30 March 2010
15:30 - 19:00

Venue: University College London
Roberts Building, Sir Ambrose Fleming Lecture Theatre (Room G06), Engineering Faculty
Torrington Place, WC1E 7JE [directions]

[UCL street map]

On 30th March we heard two very interesting talks about improving access to natural history data attended by over forty participants. Diana Tough and Graham Higley from the Natural History Museum, spoke about developments that will not only contribute to the work of natural scientists but will support education and other efforts towards learning more about and preserving biodiversity. Talks incited lively discussion which continued over the networking session.

Recording the Living World was organized in cooperation with UCL, Department of Information Studies.

We would like to thank to Conrad Taylor for recording the event and editing and preparing the mp3 files.



[mp3] [slides]


Diane Tough: Collection description at the Natural History Museum

Diane Tough, Head of Cataloguing at the Natural History Museum Library, talked about recent developments in the methods of collection description at the Museum. The Library is one of the foremost resources for researchers in molecular biology, biodiversity, systematics, taxonomy, and the history of science, and consists of over one million books and half a million artworks. Its extensive collections consist not only of current documentation, but also of older material representing a vital source for the study of both biodiversity and early printed scientific books.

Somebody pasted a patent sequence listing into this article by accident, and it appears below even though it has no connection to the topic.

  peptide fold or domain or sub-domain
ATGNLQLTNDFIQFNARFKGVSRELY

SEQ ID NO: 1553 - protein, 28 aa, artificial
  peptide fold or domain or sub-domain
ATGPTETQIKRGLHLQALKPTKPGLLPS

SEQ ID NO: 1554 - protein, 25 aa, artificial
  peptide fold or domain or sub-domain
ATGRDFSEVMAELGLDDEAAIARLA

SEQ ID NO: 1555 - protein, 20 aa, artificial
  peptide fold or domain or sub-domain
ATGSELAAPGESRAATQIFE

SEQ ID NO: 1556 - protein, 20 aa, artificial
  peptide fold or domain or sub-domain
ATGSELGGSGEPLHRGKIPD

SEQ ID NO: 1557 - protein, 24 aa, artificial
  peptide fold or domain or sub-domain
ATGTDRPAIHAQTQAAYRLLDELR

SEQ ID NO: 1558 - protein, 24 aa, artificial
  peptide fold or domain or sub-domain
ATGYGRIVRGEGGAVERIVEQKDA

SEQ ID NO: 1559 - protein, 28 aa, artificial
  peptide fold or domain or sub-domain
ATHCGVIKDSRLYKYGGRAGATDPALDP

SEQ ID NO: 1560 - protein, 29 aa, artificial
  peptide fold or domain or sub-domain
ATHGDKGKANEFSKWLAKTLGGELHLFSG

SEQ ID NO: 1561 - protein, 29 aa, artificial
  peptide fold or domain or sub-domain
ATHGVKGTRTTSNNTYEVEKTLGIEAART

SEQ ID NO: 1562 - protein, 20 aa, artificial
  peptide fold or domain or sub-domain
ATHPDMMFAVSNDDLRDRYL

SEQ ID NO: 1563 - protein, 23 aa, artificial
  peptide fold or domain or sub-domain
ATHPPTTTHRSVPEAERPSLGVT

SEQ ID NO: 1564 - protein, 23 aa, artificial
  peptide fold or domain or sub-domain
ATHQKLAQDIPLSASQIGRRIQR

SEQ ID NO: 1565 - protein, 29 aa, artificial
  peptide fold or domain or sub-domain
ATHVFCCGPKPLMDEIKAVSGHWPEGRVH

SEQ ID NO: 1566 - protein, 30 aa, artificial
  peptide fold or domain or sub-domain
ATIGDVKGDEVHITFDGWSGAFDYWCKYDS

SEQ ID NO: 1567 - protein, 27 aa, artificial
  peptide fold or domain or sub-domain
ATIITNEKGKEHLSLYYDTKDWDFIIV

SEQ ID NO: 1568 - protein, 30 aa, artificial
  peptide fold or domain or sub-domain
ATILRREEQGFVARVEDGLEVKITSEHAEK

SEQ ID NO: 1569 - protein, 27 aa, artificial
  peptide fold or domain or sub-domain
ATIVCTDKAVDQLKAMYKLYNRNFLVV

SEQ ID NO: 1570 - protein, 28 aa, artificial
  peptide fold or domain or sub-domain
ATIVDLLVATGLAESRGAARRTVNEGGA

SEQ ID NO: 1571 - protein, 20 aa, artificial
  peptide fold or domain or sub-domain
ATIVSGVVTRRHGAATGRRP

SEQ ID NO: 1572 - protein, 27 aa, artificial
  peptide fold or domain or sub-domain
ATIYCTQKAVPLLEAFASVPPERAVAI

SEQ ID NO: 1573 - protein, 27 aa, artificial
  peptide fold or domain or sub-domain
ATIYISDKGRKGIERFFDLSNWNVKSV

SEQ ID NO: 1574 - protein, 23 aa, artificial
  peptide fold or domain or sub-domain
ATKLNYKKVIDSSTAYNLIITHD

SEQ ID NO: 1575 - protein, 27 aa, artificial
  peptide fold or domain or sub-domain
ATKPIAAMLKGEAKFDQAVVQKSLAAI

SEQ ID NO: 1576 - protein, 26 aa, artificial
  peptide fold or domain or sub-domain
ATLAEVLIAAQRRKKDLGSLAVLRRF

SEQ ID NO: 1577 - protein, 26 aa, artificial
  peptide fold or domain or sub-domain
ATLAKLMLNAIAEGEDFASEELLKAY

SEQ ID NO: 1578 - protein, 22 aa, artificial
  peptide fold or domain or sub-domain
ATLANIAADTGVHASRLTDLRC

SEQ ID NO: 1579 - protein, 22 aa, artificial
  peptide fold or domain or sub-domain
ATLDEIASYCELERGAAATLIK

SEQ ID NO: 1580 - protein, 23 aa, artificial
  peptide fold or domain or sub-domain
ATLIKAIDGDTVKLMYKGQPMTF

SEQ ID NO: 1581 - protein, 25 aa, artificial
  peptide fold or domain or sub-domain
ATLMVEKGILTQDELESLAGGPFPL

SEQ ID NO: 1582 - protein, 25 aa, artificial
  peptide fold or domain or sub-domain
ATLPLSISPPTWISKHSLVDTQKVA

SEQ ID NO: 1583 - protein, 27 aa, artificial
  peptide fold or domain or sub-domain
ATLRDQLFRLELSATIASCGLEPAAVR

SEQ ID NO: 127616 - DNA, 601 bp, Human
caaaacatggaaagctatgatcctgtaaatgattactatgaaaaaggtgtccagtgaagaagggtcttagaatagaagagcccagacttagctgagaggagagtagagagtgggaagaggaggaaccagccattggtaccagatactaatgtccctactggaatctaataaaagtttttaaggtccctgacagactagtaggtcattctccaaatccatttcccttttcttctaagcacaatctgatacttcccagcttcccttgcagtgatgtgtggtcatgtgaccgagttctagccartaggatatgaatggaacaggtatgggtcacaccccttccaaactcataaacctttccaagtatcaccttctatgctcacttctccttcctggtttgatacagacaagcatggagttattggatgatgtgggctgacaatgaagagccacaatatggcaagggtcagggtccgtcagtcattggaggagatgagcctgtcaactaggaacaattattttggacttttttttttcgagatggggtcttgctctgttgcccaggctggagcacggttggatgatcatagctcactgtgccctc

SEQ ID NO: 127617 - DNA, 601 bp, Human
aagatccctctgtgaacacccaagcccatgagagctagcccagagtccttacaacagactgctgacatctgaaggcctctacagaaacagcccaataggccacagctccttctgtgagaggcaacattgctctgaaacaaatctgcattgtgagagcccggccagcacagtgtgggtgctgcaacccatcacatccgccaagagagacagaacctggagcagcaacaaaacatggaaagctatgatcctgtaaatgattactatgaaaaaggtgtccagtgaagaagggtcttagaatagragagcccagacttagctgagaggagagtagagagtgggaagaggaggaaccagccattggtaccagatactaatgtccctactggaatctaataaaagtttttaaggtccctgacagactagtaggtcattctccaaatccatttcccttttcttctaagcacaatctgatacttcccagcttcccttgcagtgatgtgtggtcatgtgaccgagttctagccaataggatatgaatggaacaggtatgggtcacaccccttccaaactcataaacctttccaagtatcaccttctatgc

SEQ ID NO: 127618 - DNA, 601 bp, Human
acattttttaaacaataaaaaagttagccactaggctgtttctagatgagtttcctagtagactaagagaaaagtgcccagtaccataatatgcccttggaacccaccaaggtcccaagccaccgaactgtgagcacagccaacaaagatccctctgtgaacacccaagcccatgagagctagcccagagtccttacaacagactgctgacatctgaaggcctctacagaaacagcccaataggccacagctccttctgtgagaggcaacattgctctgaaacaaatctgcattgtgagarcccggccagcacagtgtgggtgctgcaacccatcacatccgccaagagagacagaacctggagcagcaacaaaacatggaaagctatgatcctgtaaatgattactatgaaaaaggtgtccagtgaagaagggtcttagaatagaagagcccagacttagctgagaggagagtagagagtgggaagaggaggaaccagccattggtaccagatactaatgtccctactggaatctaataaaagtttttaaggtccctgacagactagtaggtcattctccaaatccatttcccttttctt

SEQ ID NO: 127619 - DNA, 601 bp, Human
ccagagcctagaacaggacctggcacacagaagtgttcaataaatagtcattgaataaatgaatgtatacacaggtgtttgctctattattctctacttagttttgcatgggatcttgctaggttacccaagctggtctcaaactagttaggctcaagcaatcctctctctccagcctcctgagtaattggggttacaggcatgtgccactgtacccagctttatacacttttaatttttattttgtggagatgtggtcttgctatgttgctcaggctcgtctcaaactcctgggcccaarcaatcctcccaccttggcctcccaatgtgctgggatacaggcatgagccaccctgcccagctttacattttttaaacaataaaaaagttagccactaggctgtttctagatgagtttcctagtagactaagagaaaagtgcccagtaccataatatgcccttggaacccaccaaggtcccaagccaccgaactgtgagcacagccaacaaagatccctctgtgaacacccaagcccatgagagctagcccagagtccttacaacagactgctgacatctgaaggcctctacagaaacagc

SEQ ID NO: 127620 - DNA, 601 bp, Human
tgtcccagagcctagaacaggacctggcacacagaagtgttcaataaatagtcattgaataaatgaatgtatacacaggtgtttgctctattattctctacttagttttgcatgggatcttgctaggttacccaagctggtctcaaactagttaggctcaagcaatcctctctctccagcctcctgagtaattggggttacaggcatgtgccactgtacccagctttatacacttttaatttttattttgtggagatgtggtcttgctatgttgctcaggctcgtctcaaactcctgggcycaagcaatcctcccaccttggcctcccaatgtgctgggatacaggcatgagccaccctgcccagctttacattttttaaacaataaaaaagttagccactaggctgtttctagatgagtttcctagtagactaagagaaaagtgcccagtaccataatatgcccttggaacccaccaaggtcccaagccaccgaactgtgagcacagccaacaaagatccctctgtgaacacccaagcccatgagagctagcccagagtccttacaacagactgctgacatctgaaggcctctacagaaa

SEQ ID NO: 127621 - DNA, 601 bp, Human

[mp3] [slides]

Graham Higley: Encyclopedia of life

The Encyclopedia of Life is an ambitious project to build an online resource in which every species on earth will have its own web page. This international enterprise consists of five major projects: the Species Pages Group, the Biodiversity Informatics Group, the Scanning and Digitization Group, the Learning and Education Group, and the Biodiversity Synthesis Group. Together they are creating an unparalleled resource for the life sciences that covers every aspect of the study, research, recording and documentation of living creatures. This impressive mass of material is available freely to all, allowing public access to much of the content for the first time.

Graham Higley, Head of Library & Information Services at the Natural History Museum, is a member of the EOL Steering Committee, and Chair of the Biodiversity Heritage Library, a consortium of 10 natural history and botanical libraries, who are digitizing the published literature of biodiversity held in their respective collections and making it available as part of an open biodiversity commons.

  Networking, wine & nibbles